Dig Diary: Postscript

The bottom of the ditchThe bottom of the ditch Although the course may have finished, there was still some work to be completed. Over the weekend Martin Green continued the investigations, helped by his own team of researchers. They dug the primary chalk rubble from the ditch in Trench Two and finished excavating the remaining three quadrants of the quarry hollow. In the ditch they found a large beaker sherd (early Bronze Age) and an ox cranium. In the quarry hollow several more finds came to light: a second cow mandible, a small piece of clay daub and more fragments of burnt and worked flint.
PostholesPostholesOn Monday Martin and the team were helped by Trevor and Brian, two course participants from the first week. They recorded the ditch sections and the quarry hollow in Trench Two. In Trench One the postholes, sectioned during the course, were fully excavated in the hope of finding dating evidence. Unfortunately none was found.
Environmental samples were taken on Tuesday. A bulk sample was collected from the primary silts (material from the erosion of the natural chalk sides of ditch) to look for information about the landscape, land management and farming practices at the time when the ditch was newly dug. A monolith sample (a vertical tube of soil) was also extracted to analyse soils and pollen in detail and so give a picture of the development of the site over time. This will add to the information Martin already has from samples taken elsewhere on the site, and give a clearer picture of the contemporary Iron Age landscape.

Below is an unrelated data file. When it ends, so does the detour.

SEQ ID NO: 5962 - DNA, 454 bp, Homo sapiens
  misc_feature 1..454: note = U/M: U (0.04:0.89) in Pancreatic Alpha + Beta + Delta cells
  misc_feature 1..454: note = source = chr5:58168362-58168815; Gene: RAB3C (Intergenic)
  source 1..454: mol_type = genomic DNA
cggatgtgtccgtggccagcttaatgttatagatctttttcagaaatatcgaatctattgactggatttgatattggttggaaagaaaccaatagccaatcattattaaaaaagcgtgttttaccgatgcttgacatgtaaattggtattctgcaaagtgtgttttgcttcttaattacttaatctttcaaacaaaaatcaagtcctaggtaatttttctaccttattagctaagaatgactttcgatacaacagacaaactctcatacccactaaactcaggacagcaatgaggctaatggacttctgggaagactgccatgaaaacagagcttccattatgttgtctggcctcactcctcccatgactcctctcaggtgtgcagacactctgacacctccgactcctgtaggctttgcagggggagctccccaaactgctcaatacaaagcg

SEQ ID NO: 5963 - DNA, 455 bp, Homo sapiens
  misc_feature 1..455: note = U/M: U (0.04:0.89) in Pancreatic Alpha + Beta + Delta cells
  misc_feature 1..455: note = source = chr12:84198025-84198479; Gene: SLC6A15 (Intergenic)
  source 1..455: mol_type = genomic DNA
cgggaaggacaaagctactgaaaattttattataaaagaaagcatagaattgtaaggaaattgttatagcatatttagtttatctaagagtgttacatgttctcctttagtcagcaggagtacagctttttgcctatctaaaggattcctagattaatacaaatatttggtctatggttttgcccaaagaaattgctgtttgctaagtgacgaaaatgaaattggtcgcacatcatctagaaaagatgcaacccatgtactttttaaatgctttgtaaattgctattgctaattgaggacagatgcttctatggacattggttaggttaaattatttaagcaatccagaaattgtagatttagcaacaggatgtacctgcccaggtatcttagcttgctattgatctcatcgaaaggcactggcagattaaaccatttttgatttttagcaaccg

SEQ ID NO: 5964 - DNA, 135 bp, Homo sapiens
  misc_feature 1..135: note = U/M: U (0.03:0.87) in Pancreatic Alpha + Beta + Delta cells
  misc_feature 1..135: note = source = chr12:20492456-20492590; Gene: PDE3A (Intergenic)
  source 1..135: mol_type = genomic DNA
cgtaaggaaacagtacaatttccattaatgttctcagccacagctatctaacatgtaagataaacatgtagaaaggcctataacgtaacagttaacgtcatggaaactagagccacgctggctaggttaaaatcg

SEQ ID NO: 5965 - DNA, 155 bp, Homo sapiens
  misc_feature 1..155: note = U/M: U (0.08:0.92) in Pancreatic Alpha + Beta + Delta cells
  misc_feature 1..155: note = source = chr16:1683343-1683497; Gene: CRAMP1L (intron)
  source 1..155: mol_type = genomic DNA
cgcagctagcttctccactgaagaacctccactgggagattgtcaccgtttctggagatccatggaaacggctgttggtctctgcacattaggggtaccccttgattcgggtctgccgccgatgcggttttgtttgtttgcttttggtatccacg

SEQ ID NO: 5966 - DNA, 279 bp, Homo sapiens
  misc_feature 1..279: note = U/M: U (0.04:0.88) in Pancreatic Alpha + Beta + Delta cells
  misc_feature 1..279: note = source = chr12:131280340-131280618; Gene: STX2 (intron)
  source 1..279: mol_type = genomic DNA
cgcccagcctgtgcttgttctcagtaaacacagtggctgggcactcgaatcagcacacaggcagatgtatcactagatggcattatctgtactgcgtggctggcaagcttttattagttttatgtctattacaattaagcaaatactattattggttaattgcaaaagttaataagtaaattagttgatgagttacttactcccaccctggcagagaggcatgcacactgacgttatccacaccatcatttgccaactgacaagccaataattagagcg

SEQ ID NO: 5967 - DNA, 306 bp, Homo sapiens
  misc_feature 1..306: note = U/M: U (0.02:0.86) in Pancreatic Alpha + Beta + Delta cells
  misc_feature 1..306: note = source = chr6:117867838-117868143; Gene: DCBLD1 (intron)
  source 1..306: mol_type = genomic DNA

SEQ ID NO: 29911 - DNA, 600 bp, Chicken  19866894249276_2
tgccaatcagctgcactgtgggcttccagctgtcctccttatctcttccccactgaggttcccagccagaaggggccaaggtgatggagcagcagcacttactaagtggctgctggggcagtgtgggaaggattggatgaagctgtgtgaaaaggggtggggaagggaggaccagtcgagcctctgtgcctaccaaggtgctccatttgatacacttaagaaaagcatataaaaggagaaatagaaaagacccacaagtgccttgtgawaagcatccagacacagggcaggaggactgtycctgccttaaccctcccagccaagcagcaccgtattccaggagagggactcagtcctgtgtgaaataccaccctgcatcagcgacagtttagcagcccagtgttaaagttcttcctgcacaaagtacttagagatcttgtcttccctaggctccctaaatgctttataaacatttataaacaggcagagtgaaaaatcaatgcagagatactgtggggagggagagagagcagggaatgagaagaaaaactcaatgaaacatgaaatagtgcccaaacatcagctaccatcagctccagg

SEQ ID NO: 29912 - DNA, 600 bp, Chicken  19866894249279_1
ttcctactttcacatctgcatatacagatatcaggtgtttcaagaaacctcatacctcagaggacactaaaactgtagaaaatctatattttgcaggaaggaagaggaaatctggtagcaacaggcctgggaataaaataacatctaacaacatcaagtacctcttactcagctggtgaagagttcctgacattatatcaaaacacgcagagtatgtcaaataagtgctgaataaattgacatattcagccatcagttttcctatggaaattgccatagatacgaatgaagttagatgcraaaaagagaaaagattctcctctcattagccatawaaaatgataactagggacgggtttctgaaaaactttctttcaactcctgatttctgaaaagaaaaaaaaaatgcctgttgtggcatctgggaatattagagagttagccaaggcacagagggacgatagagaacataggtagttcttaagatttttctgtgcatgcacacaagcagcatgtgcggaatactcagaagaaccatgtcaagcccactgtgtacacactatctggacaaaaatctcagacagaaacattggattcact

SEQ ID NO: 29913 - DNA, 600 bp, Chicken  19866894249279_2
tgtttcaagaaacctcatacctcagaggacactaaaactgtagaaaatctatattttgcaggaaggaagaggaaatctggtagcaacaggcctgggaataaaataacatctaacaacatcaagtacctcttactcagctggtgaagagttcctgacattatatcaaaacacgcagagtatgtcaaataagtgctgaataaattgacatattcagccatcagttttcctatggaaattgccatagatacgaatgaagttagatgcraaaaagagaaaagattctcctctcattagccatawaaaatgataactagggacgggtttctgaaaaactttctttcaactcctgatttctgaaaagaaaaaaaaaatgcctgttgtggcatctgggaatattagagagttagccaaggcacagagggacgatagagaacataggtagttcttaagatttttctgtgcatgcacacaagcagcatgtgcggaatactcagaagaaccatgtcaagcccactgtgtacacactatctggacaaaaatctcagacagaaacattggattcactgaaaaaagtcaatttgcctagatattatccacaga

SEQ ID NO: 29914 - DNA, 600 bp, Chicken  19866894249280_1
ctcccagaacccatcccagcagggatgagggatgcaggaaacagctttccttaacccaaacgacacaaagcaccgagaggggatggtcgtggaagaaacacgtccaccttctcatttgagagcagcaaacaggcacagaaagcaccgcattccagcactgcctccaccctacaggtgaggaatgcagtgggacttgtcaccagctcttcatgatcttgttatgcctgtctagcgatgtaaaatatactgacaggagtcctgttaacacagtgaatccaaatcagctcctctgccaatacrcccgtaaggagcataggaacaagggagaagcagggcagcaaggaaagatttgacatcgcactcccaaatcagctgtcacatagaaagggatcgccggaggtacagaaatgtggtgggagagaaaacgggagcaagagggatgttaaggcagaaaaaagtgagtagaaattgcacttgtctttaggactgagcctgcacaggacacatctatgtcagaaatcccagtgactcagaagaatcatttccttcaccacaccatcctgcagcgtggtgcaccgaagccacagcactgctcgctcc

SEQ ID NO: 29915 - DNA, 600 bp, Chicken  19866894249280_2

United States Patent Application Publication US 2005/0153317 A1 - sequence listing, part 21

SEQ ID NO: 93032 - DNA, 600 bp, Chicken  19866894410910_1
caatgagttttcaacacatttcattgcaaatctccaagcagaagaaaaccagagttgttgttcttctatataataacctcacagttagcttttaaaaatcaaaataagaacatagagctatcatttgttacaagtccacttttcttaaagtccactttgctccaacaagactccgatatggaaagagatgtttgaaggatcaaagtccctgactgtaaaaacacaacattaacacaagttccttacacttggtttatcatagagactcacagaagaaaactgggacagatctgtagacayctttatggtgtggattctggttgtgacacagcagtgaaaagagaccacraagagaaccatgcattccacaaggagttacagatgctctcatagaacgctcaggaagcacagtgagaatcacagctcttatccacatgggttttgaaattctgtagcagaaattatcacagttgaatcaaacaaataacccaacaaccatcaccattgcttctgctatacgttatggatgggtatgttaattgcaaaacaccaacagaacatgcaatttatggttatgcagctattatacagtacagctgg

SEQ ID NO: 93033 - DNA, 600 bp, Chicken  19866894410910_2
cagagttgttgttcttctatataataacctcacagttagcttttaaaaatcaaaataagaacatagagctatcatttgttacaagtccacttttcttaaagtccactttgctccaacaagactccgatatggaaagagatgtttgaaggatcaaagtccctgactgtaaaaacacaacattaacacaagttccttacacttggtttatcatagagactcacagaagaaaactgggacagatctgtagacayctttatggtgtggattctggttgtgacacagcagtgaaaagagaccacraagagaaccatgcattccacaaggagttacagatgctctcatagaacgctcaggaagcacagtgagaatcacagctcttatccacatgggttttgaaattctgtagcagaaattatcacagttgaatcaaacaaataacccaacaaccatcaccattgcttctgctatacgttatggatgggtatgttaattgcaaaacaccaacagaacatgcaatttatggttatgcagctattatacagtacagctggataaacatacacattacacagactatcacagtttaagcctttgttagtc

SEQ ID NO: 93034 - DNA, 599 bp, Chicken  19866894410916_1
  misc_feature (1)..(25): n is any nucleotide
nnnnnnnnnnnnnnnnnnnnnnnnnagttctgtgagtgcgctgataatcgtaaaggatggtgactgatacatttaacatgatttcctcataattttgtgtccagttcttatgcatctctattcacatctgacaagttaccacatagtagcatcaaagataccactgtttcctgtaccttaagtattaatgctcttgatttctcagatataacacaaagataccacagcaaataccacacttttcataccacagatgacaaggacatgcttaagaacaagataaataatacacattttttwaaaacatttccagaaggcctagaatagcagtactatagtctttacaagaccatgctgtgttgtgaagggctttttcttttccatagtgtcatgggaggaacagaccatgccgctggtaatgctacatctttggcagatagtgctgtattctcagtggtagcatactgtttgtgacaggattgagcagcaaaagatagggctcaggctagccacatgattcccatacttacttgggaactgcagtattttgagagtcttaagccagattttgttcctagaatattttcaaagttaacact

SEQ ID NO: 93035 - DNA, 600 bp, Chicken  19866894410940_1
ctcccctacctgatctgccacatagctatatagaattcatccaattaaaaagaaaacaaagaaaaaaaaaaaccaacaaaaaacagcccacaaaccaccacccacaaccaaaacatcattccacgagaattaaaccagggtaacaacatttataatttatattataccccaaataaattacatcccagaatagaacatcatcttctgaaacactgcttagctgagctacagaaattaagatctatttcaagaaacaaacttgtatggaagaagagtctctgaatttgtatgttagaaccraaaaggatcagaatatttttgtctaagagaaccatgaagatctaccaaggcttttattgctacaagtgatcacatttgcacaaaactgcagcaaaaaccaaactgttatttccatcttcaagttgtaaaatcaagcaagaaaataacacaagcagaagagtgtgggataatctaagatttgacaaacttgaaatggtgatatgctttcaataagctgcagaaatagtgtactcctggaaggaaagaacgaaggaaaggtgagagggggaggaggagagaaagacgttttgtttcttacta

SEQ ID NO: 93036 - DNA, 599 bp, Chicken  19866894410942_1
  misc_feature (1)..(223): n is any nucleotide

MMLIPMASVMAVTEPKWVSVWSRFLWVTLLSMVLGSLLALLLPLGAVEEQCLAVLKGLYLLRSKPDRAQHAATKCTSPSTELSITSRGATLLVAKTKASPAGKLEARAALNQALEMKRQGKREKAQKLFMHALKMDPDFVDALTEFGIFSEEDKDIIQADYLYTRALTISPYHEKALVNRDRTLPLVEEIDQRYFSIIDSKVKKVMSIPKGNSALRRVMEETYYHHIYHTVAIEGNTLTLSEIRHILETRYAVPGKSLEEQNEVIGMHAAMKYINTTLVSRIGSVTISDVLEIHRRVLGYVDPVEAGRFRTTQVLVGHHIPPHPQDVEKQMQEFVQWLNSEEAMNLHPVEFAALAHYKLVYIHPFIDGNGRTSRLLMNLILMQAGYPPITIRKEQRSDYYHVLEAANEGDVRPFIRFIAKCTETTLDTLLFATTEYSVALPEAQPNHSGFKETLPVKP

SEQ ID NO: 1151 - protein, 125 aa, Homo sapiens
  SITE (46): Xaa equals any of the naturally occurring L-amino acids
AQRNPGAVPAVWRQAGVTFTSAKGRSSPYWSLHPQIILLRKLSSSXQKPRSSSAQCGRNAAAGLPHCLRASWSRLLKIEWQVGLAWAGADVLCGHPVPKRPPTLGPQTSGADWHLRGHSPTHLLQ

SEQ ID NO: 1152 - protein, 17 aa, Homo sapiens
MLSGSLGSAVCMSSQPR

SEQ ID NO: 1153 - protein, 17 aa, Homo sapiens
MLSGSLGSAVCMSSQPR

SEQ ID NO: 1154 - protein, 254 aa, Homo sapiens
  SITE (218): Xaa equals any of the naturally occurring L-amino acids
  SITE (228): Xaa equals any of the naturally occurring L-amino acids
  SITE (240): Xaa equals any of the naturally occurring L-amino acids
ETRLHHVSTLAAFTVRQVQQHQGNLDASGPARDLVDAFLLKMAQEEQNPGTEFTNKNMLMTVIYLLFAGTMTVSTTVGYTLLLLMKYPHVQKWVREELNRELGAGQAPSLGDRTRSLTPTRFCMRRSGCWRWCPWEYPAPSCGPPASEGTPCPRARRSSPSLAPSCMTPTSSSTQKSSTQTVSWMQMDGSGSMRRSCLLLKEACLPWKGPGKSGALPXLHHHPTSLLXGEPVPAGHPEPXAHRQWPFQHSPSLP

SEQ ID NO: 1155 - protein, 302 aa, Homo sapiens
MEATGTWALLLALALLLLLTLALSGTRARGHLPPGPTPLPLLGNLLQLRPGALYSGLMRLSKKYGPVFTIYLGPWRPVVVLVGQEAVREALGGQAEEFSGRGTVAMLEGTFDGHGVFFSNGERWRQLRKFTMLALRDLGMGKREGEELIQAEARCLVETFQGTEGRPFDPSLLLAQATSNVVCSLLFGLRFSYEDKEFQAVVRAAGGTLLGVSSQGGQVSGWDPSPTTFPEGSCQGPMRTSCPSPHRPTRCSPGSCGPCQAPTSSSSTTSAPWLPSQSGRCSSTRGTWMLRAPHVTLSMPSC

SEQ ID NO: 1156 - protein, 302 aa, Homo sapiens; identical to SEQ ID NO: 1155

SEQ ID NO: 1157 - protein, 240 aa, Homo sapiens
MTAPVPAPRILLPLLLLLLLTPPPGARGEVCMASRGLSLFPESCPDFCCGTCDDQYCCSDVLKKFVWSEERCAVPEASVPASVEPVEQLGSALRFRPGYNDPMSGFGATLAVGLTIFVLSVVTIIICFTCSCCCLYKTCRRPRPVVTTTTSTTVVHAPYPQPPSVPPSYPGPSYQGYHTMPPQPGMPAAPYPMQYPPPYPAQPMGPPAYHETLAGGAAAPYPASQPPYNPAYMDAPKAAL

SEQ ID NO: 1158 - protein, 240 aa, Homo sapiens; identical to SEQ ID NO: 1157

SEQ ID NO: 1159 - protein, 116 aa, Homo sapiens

Tool marksTool marksMeanwhile the lower sections of the ditch were excavated. Although no significant finds were uncovered, the bottom of the ditch was of considerable interest. There, in line with the direction of the ditch, were tool marks 80mm -100mm long which had been gouged into the chalk bedrock. Their rounded shape suggests they were made by antler picks. The sides of the ditch showed no such marks, possibly because they had been eroded away. It is also possible that it is because Iron Age ditch-diggers had made use of the natural cleavage planes, visible in the sides of the ditch, inserting their picks where the chalk was weakest, making it easier to dislodge.
Backfilling the siteBackfilling the site Wednesday was our last day on site. All the features that have been investigated over the last two weeks were back-filled by hand. First a geo-textile membrane (Terram) was placed in the bottom of all the deeper features so that any future excavators will be able to see where our investigations finished. So with recording done, and grid pegs in place to mark the extent of the excavation, the fieldwork on this year’s Practical Archaeology Course has drawn to its close. There remains the report to write, and when this is completed, and with Martin’s permission, it will be put on this web site to complete the story – from fieldwork to report.